Elwood 5566

Memory Lane

Posted in 'Westernization' of Korea, bathhouse Ballads, Comparative, Diary notes, Westerners by 노강호 on November 1, 2010

Kimpo Airport

I often mention how rapidly Korea is changing. I have only lived here four and a half years, spread across ten years, so in comparison to friends who have over twelve years experience, I’m somewhat of an infant. I would love to have been here fifteen or twenty years ago, when Korea was truly a country where other than American soldiers, few ventured. ‘Fat ‘has arrived in Korea, an observation I often point out in my posts on bathhouses, and EPIK has brought an army of teachers into schools to such an extent our uniqueness has been lost. And no doubt those who first came to Korea in the 90’s will have noticed even greater changes.

Kimpo in 2000

When I arrived in Korea in September 2000, Inch’on International Airport was still being built and looking back, it is quite incredible to think that the piddly sized Kimpo was the country’s major airport. Kimpo was basically one big room through which people arrived and departed and I’m sure it’s bigger today than it was ten years ago. Few restaurants had English menus and on every street corner were  ‘video shops’ renting the latest videos. The internet contained little information on Korea in terms of cooking, culture or history, zilch on hanja and very little on Korean. Few teachers had air-conditioning and for those in English academies, split schedules, a common practice, meant the 6 hours you’d been led to believe you’d end up teaching in Korea, were probably closer to 8 or 9. Maybe it is still the same in some language academies, but  class sizes  were big, sometimes twenty students packed in small classes and often with no air-conditioning. There were fewer academies and my school, the largest in the area, occupied three floors of a large building. There were few resources, wall sockets often didn’t work and only a couple of tape players if they did and if you complained you were simply told to read to the kids. Most of the westerners I remembered meeting at the time seemed to work  under similar conditions.  Back then, university posts really were the cream of jobs with significantly more pay than other types of teaching and before the recent changes in bureaucracy, transferring from one town to another or one school to another, was easy.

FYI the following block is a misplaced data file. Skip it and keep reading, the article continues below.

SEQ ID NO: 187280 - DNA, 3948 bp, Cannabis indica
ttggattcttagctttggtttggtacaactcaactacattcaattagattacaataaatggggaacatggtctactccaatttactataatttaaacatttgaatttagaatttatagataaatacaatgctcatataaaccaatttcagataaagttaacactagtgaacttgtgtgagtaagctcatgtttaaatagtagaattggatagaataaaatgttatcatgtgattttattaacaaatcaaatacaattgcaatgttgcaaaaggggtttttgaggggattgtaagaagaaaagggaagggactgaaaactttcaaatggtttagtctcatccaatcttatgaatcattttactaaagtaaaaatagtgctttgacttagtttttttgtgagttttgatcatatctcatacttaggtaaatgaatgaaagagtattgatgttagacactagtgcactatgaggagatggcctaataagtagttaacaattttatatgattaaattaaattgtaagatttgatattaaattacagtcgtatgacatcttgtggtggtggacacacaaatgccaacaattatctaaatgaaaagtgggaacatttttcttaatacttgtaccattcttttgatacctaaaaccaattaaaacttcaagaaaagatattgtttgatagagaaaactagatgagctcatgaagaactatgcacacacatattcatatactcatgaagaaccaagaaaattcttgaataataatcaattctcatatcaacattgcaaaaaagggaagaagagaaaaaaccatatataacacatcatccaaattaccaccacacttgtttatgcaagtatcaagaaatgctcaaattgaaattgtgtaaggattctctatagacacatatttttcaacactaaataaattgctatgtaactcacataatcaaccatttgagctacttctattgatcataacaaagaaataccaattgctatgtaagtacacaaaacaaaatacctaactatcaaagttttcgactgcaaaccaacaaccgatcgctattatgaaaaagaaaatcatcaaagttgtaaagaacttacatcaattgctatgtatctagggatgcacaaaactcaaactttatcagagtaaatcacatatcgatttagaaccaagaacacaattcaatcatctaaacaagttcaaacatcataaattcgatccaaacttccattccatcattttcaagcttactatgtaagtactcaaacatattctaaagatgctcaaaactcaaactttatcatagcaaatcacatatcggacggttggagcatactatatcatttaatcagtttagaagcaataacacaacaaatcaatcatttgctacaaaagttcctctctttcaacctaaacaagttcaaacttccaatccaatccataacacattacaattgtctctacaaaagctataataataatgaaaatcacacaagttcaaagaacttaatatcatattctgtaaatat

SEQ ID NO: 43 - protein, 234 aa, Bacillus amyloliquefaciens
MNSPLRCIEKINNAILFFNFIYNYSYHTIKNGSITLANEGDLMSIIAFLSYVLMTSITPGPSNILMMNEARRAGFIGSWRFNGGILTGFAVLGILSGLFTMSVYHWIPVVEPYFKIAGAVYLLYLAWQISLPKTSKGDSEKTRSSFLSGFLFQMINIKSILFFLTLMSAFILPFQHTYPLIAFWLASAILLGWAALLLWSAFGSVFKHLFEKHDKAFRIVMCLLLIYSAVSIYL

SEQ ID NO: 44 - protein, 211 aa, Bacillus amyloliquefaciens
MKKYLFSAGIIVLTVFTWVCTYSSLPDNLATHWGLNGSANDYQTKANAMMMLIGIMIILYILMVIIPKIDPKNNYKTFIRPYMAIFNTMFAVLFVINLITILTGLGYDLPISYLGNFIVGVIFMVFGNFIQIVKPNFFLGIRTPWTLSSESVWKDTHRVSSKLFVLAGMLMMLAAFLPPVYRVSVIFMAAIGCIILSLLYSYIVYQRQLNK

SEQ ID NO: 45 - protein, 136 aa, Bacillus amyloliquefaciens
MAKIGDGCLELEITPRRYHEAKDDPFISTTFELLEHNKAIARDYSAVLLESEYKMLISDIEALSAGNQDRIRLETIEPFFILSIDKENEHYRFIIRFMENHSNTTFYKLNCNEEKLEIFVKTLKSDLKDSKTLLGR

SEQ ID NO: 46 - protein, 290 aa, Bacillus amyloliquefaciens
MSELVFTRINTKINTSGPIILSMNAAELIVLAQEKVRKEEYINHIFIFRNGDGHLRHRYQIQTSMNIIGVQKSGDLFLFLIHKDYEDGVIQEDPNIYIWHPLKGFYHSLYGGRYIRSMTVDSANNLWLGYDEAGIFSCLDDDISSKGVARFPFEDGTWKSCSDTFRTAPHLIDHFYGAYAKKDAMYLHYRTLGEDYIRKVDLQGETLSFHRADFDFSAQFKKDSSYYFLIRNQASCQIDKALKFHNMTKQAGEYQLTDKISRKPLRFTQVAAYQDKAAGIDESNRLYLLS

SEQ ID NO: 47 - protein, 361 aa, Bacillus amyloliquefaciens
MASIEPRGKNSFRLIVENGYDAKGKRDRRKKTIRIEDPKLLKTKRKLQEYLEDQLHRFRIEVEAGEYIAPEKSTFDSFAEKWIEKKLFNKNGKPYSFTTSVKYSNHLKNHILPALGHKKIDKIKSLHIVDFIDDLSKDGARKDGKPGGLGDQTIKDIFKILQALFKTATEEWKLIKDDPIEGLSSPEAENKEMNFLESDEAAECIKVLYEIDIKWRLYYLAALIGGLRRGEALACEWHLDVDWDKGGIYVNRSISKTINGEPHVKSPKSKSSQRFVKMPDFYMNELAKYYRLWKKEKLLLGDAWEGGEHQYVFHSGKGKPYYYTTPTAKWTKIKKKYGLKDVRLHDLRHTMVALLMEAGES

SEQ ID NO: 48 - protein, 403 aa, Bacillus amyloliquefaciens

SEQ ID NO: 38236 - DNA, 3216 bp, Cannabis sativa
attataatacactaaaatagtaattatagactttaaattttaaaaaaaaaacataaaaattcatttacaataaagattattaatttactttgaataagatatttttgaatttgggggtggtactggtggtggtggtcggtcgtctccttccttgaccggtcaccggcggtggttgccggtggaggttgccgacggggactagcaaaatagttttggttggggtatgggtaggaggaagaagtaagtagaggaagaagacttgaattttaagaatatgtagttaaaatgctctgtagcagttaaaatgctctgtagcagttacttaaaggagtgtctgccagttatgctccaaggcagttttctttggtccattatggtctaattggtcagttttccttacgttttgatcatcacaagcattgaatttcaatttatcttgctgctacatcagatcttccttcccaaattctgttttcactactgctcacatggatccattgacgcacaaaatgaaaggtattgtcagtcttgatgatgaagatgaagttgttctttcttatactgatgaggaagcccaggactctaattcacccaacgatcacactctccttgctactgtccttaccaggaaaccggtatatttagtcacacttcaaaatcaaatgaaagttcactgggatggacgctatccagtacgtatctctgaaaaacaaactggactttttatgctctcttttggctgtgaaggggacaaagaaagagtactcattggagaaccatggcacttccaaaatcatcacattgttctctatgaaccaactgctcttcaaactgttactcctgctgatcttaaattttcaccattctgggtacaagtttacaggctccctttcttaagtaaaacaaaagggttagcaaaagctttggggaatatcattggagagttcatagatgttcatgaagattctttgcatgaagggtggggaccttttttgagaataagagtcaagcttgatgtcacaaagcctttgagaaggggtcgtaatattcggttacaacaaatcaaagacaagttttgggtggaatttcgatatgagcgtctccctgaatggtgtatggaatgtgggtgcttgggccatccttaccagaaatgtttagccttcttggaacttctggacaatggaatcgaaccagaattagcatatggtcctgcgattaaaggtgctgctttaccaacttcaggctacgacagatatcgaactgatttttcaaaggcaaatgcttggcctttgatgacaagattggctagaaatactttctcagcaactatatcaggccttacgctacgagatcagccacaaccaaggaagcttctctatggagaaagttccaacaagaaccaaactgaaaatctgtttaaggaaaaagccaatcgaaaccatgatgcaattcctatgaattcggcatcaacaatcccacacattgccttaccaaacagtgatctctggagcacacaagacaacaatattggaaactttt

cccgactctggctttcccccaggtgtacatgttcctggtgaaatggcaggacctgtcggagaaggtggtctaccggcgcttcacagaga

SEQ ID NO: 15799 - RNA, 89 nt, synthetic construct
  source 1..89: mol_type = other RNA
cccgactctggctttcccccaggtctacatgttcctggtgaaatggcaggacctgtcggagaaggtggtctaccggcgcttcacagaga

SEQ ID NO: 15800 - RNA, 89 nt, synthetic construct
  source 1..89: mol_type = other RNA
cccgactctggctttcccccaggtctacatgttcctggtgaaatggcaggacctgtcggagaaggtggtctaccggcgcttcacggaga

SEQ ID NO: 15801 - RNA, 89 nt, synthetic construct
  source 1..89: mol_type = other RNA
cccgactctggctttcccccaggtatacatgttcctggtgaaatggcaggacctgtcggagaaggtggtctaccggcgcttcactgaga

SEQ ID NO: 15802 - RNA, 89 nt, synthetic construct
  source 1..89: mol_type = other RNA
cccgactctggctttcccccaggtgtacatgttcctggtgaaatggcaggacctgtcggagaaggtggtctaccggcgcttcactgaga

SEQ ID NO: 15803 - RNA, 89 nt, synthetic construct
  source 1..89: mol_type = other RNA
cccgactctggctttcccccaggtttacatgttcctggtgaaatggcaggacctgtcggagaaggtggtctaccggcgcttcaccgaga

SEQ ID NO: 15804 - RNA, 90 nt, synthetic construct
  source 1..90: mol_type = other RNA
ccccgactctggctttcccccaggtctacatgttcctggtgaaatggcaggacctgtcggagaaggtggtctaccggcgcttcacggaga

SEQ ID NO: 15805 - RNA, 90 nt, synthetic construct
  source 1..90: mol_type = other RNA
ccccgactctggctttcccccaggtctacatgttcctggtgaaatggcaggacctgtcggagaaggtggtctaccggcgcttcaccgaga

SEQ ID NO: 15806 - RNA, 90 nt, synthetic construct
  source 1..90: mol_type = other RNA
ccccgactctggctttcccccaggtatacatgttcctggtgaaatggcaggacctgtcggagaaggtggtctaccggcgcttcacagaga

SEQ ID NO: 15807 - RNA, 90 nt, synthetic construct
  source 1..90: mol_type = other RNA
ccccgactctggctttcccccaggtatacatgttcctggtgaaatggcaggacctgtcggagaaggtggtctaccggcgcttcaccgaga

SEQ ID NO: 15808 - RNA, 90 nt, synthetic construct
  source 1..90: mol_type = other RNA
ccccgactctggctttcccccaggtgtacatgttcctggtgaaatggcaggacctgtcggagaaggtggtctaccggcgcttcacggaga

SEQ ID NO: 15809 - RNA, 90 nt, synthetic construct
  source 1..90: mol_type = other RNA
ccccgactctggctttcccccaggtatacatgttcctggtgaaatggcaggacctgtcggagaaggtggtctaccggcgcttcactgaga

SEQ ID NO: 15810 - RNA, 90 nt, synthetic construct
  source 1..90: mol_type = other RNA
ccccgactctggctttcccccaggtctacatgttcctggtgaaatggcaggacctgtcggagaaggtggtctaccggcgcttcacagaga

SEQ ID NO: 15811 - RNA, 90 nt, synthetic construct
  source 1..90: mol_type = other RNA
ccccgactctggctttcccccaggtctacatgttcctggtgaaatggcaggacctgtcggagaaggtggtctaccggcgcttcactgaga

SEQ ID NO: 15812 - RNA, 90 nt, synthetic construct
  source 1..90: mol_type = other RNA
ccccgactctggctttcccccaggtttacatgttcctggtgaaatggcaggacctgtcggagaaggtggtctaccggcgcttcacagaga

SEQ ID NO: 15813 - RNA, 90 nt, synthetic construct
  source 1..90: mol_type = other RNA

If you had a pair of shoes like this in 2000, you were 'sexy.'

Big shoes were the fashion on young lads. By ‘big’  I mean long and so long that I thought I easily find a pair of English size 13’s. Indeed, they were so long, a little like the old ‘winkle-pickers,’ that they turned up and gave them a medieval appearance. On younger boys, even very young ones, a long forelock on the side of the head was tinted gold meanwhile their teeth were black. While older children seemed to have good dental hygiene, milk teeth were seen as unimportant and many of my younger students had black baby teeth. Today, this is something I rarely see.

Coffee beans or ground beans were hard to buy and I remember a coffee filter machine in supermarkets attracted small audiences and if you wanted a bottle of wine, if you could afford it and could find it, they were stored in a glass cabinet and the choice very limited. It seemed everyone wanted English lessons and were willing to pay for the privilege and being stopped and asked if you would teach privately, was an almost daily occurrence. In my diary for Saturday 18th of November, 2000, I wrote:

Here (KFC in Song-So) I met a man who wanted English lessons and said he would take me sightseeing to temples in return for lessons. Then a boy of about 11 came and talked to me and introduced me to his little brother. Later, yet another stranger came up and asked if I would read stories in his kindergarten and I said I would ring him on Monday.

The KFC near Han-song Plaza has closed and is now a stationary store in which the glass stairs are still embossed with Colonel Saunders’ face, but in the last two years I haven’t once been asked to teach privately by strangers in restaurants or on the street.  I used to teach a few privates on a Sunday and would earn around a 100 000 Won an hour for teaching a small class of 3 or 4 students.

at one time were were as novel as coffee-filter machines and wine

Your presence, especially with children, was often enough for people to stop, gasp and gawk at you in awe.  Only yesterday, a boy of 14 told me how he remembers seeing westerners when he was four years old and how he would be filled with excitement. Few schools had resident foreign English teachers and what foreigners existed were a novelty. Many of the children, and some adults, you met ten years ago had never spoken to a foreigner. Then there was the starring… I remember times when the constant starring stressed me to such an extent, I’d occasionally step into a recess or doorway for a break. Unlike today, when a solitary passenger stares lazily from a busy bus, a westerner on the street would turned every head. I imagine it was even more intense in the early 90’s and 80’s and probably not much different to an experience I once had on a station platform in Delhi, in 1984, when a crowd so large gathered to stare at my friend as he opened a map, that after a few minutes you couldn’t see him. In the Korea of today, you are noticed and not much else and it rarely causes excitement or stops people in their tracks.